Cremins, 64, received his master's degree in guidance and counseling in 1972, also from South Carolina. He was a three-year starter at point guard under McGuire, leading the Gamecocks to some of their most successful seasons and a 61-17 record. Cremins was inducted into the New York City Basketball Hall of Fame on September 20, 2007.
He and his wife, Carolyn, have three children: Liz, Suzie, and Bobby, III, and a daughter-in-law, Jennifer.
CREMINS' YEAR-BY-YEAR COACHING RECORD
Year School Record Conf. Finish Postseason
1975-76 Appalachian State 13-14 5th
1976-77 Appalachian State 17-12 3rd
1977-78 Appalachian State 15-13 1st
1978-79 Appalachian State 23-6 1st NCAA First Round
1979-80 Appalachian State 12-16 T6th
1980-81 Appalachian State 20-9 T1st
1981-82 Georgia Tech 10-16 8th
1982-93 Georgia Tech 13-15 6th
1983-84 Georgia Tech 18-11 T5th NIT First Round
1984-85 Georgia Tech 27-8 T1st NCAA Elite Eight
1985-86 Georgia Tech 27-7 2nd NCAA Sweet 16
1986-87 Georgia Tech 16-13 5th NCAA First Round
1987-88 Georgia Tech 22-10 4th NCAA Second Round
1988-89 Georgia Tech 20-12 5th NCAA First Round
1989-90 Georgia Tech 28-7 T3rd NCAA Final Four
1990-91 Georgia Tech 17-13 T5th NCAA Second Round
1991-92 Georgia Tech 23-12 T4th NCAA Sweet 16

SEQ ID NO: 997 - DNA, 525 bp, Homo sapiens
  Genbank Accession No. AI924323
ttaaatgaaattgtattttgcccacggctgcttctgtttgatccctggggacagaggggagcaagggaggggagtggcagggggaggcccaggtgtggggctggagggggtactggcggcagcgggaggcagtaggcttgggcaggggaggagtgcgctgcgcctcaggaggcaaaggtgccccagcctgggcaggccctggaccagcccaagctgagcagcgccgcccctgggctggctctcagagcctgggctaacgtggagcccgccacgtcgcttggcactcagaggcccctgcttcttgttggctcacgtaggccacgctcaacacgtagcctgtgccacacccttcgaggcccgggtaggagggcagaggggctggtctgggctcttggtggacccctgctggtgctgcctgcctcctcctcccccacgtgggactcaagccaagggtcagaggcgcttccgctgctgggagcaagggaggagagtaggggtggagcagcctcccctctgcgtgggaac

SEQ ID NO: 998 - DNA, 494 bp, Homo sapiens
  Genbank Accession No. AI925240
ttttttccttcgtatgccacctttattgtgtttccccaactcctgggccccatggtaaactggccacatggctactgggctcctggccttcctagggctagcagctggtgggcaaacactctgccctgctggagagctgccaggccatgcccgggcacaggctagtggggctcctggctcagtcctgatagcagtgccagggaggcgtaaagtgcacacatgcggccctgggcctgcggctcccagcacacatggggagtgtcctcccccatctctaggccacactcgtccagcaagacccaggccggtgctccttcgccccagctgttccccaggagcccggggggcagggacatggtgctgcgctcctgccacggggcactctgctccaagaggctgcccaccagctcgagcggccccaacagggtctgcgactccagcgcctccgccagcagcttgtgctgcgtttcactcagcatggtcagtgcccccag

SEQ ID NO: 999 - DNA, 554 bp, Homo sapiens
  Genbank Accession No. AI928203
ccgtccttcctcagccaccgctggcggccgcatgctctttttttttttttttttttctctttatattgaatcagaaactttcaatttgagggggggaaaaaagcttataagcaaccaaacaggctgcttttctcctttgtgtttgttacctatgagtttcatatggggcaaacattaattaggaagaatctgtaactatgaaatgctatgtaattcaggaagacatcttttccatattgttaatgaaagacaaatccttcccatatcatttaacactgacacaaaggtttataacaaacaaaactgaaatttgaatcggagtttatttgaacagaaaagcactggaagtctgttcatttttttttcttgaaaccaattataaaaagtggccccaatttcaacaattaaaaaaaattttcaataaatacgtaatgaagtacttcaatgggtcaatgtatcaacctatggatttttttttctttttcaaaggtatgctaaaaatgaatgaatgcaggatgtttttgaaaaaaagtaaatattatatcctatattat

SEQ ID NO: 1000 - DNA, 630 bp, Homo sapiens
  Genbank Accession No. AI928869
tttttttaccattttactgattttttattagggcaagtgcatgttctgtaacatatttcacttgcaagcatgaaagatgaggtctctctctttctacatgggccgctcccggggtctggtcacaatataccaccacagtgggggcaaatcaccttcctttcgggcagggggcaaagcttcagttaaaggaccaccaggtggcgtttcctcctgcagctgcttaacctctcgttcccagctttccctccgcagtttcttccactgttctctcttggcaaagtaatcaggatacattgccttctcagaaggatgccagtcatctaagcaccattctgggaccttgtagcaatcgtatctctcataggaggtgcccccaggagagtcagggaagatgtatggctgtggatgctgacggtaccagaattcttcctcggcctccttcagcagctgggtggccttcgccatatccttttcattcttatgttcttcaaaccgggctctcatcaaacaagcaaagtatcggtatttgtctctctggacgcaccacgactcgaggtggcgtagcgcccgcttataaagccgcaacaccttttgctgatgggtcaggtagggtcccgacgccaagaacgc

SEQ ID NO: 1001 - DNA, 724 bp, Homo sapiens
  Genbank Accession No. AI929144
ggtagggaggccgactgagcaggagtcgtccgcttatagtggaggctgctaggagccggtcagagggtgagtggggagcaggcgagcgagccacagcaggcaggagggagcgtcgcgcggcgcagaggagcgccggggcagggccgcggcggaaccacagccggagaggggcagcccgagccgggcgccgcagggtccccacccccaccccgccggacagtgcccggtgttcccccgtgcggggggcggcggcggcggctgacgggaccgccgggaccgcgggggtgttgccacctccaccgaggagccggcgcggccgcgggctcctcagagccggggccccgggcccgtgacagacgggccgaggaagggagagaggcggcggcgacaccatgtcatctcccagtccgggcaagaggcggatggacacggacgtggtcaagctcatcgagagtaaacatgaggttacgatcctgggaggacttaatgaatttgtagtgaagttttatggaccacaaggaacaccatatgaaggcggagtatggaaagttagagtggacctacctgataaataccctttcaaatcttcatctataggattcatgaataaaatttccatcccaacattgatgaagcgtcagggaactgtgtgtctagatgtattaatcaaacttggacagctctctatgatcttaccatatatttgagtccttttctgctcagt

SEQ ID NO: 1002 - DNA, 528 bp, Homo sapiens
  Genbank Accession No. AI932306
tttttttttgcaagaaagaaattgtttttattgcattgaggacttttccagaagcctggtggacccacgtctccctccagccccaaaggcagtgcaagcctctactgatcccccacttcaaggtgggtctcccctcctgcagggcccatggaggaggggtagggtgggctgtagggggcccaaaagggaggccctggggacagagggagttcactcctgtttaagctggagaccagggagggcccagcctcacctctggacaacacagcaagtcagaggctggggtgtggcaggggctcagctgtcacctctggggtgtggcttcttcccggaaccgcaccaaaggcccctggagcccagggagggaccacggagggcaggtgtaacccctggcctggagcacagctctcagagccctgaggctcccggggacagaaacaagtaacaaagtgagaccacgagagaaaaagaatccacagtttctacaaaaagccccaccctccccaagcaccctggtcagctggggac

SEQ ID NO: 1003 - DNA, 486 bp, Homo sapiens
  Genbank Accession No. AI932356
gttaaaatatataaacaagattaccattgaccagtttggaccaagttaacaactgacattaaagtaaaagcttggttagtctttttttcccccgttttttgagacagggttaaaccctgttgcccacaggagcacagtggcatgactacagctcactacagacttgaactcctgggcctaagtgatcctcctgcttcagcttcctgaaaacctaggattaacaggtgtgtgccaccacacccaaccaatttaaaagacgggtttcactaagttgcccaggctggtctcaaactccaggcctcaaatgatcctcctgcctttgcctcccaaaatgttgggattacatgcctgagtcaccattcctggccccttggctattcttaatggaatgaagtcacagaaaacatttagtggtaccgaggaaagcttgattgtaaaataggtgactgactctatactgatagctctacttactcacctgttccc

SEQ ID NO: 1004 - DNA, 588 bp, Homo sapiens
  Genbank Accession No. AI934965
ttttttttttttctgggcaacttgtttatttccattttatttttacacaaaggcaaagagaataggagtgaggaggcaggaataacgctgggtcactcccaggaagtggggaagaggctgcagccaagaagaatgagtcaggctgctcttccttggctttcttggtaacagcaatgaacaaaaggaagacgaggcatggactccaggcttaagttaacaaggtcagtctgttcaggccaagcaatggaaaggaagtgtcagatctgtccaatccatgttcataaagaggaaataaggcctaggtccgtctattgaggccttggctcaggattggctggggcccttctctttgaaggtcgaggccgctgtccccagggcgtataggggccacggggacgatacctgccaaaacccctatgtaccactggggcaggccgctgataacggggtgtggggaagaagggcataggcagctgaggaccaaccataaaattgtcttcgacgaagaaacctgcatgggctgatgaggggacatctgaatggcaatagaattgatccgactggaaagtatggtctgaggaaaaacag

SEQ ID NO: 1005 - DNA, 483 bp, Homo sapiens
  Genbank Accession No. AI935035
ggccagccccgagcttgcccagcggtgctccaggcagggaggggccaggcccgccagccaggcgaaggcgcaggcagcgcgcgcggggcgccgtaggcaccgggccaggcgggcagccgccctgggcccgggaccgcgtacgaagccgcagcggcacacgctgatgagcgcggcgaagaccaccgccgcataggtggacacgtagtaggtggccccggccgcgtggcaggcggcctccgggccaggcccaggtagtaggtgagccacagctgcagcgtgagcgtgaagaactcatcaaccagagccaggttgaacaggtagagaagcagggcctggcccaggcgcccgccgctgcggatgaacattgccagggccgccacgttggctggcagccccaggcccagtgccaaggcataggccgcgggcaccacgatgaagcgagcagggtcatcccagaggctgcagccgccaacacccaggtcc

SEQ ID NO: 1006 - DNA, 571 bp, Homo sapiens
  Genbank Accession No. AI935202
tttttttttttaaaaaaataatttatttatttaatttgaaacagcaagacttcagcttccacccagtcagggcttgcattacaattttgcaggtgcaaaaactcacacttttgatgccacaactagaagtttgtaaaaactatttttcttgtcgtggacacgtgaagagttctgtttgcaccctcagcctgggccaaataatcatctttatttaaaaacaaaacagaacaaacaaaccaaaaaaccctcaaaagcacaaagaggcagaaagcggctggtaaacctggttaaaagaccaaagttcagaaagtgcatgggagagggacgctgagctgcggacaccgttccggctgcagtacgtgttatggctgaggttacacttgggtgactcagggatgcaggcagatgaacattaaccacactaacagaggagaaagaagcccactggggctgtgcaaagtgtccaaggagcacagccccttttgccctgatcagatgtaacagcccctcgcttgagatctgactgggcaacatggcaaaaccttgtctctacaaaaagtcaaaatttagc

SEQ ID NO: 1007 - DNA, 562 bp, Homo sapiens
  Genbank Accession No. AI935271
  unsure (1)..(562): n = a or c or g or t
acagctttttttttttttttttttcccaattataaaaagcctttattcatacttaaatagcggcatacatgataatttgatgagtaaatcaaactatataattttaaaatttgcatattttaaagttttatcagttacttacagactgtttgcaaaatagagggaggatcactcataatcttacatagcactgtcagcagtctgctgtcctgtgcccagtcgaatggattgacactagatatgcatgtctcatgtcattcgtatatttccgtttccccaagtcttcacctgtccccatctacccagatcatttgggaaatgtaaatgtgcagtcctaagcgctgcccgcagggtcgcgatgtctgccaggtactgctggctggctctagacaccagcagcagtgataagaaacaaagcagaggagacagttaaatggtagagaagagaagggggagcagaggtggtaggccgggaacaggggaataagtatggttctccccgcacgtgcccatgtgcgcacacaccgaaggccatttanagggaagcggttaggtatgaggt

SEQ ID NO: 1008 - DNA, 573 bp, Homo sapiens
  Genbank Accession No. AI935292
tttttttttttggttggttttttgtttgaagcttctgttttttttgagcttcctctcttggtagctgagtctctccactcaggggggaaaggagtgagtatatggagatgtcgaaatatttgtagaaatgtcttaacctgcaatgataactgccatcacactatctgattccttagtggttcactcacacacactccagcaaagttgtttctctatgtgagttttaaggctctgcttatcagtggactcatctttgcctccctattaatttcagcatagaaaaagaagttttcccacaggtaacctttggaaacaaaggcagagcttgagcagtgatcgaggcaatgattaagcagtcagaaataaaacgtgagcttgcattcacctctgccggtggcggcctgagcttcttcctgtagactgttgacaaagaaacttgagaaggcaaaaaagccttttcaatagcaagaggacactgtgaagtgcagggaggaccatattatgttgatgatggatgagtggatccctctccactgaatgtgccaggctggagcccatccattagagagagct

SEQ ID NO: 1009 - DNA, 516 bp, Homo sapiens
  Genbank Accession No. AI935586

1992-93 Georgia Tech 19-11 6th NCAA First Round
1993-94 Georgia Tech 16-13 6th NIT First Round
1994-95 Georgia Tech 18-12 5th
1995-96 Georgia Tech 24-12 1st NCAA Sweet 16
1996-97 Georgia Tech 9-18 9th
1997-98 Georgia Tech 19-14 6th NIT Quarterfinals
1998-99 Georgia Tech 15-16 T5th NIT First Round
1999-00 Georgia Tech 13-17 8th
2006-07 College of Charleston 22-11 2nd (South)
2007-08 College of Charleston 16-17 3rd (South)
2008-09 College of Charleston 27-9 3rd (South) CBI Second Round
2009-10 College of Charleston 22-12 2nd (South) CBI Second Round
2010-11 College of Charleston 26-11 1st (South) NIT Quarterfinals
2011-12 College of Charleston 12-8* 4th (South)
* Team record at the time of his medical leave of absence on Jan. 27, 2012. CofC finished season 19-12 overall with interim head coach Mark Byington being credited with a 7-4 coaching record.
CREMINS' CAREER TOTALS
1975-80 Appalachian State: 100-70 (.588) - Six Seasons (6th all-time in program history)
1980-00 Georgia Tech: 354-237 (.599) - 19 Seasons (1st in program history)
2006-12 College of Charleston: 125-68 (.648) - Six Seasons (3rd in program history)